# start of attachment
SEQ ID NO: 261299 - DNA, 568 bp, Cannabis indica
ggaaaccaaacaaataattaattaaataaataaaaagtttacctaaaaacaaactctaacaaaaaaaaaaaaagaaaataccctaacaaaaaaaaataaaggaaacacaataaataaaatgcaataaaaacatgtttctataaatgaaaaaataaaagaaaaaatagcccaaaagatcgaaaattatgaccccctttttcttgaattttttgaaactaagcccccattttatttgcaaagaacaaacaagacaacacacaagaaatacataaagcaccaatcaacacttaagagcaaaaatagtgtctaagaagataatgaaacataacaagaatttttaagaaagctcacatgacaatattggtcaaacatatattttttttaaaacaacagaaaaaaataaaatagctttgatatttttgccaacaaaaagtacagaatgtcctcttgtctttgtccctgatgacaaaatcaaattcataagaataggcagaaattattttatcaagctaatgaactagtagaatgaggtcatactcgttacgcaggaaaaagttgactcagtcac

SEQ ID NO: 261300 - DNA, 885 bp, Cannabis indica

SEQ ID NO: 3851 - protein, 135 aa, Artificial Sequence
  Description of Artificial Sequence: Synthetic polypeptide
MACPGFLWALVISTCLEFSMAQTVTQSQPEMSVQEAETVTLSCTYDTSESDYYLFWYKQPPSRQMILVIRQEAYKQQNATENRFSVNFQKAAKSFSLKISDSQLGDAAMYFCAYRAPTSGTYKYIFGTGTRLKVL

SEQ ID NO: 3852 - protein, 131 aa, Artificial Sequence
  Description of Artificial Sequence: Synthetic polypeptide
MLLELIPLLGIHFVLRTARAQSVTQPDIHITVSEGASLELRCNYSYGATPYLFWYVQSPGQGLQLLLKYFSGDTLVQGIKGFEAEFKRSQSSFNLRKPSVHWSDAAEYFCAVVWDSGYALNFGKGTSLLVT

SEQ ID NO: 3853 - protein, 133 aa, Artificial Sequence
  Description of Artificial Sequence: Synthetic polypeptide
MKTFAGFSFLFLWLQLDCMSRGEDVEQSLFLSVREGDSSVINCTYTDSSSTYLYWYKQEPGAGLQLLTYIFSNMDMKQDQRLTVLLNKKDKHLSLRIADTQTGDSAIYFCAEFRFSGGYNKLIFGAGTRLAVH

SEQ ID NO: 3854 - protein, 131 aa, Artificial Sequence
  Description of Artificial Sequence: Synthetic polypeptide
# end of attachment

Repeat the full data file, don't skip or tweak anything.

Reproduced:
SEQ ID NO: 261299 - DNA, 568 bp, Cannabis indica
ggaaaccaaacaaataattaattaaataaataaaaagtttacctaaaaacaaactctaacaaaaaaaaaaaaagaaaataccctaacaaaaaaaaataaaggaaacacaataaataaaatgcaataaaaacatgtttctataaatgaaaaaataaaagaaaaaatagcccaaaagatcgaaaattatgaccccctttttcttgaattttttgaaactaagcccccattttatttgcaaagaacaaacaagacaacacacaagaaatacataaagcaccaatcaacacttaagagcaaaaatagtgtctaagaagataatgaaacataacaagaatttttaagaaagctcacatgacaatattggtcaaacatatattttttttaaaacaacagaaaaaaataaaatagctttgatatttttgccaacaaaaagtacagaatgtcctcttgtctttgtccctgatgacaaaatcaaattcataagaataggcagaaattattttatcaagctaatgaactagtagaatgaggtcatactcgttacgcaggaaaaagttgactcagtcac

SEQ ID NO: 261300 - DNA, 885 bp, Cannabis indica

SEQ ID NO: 3851 - protein, 135 aa, Artificial Sequence
  Description of Artificial Sequence: Synthetic polypeptide
MACPGFLWALVISTCLEFSMAQTVTQSQPEMSVQEAETVTLSCTYDTSESDYYLFWYKQPPSRQMILVIRQEAYKQQNATENRFSVNFQKAAKSFSLKISDSQLGDAAMYFCAYRAPTSGTYKYIFGTGTRLKVL

SEQ ID NO: 3852 - protein, 131 aa, Artificial Sequence
  Description of Artificial Sequence: Synthetic polypeptide
MLLELIPLLGIHFVLRTARAQSVTQPDIHITVSEGASLELRCNYSYGATPYLFWYVQSPGQGLQLLLKYFSGDTLVQGIKGFEAEFKRSQSSFNLRKPSVHWSDAAEYFCAVVWDSGYALNFGKGTSLLVT

SEQ ID NO: 3853 - protein, 133 aa, Artificial Sequence
  Description of Artificial Sequence: Synthetic polypeptide
MKTFAGFSFLFLWLQLDCMSRGEDVEQSLFLSVREGDSSVINCTYTDSSSTYLYWYKQEPGAGLQLLTYIFSNMDMKQDQRLTVLLNKKDKHLSLRIADTQTGDSAIYFCAEFRFSGGYNKLIFGAGTRLAVH

SEQ ID NO: 3854 - protein, 131 aa, Artificial Sequence
  Description of Artificial Sequence: Synthetic polypeptide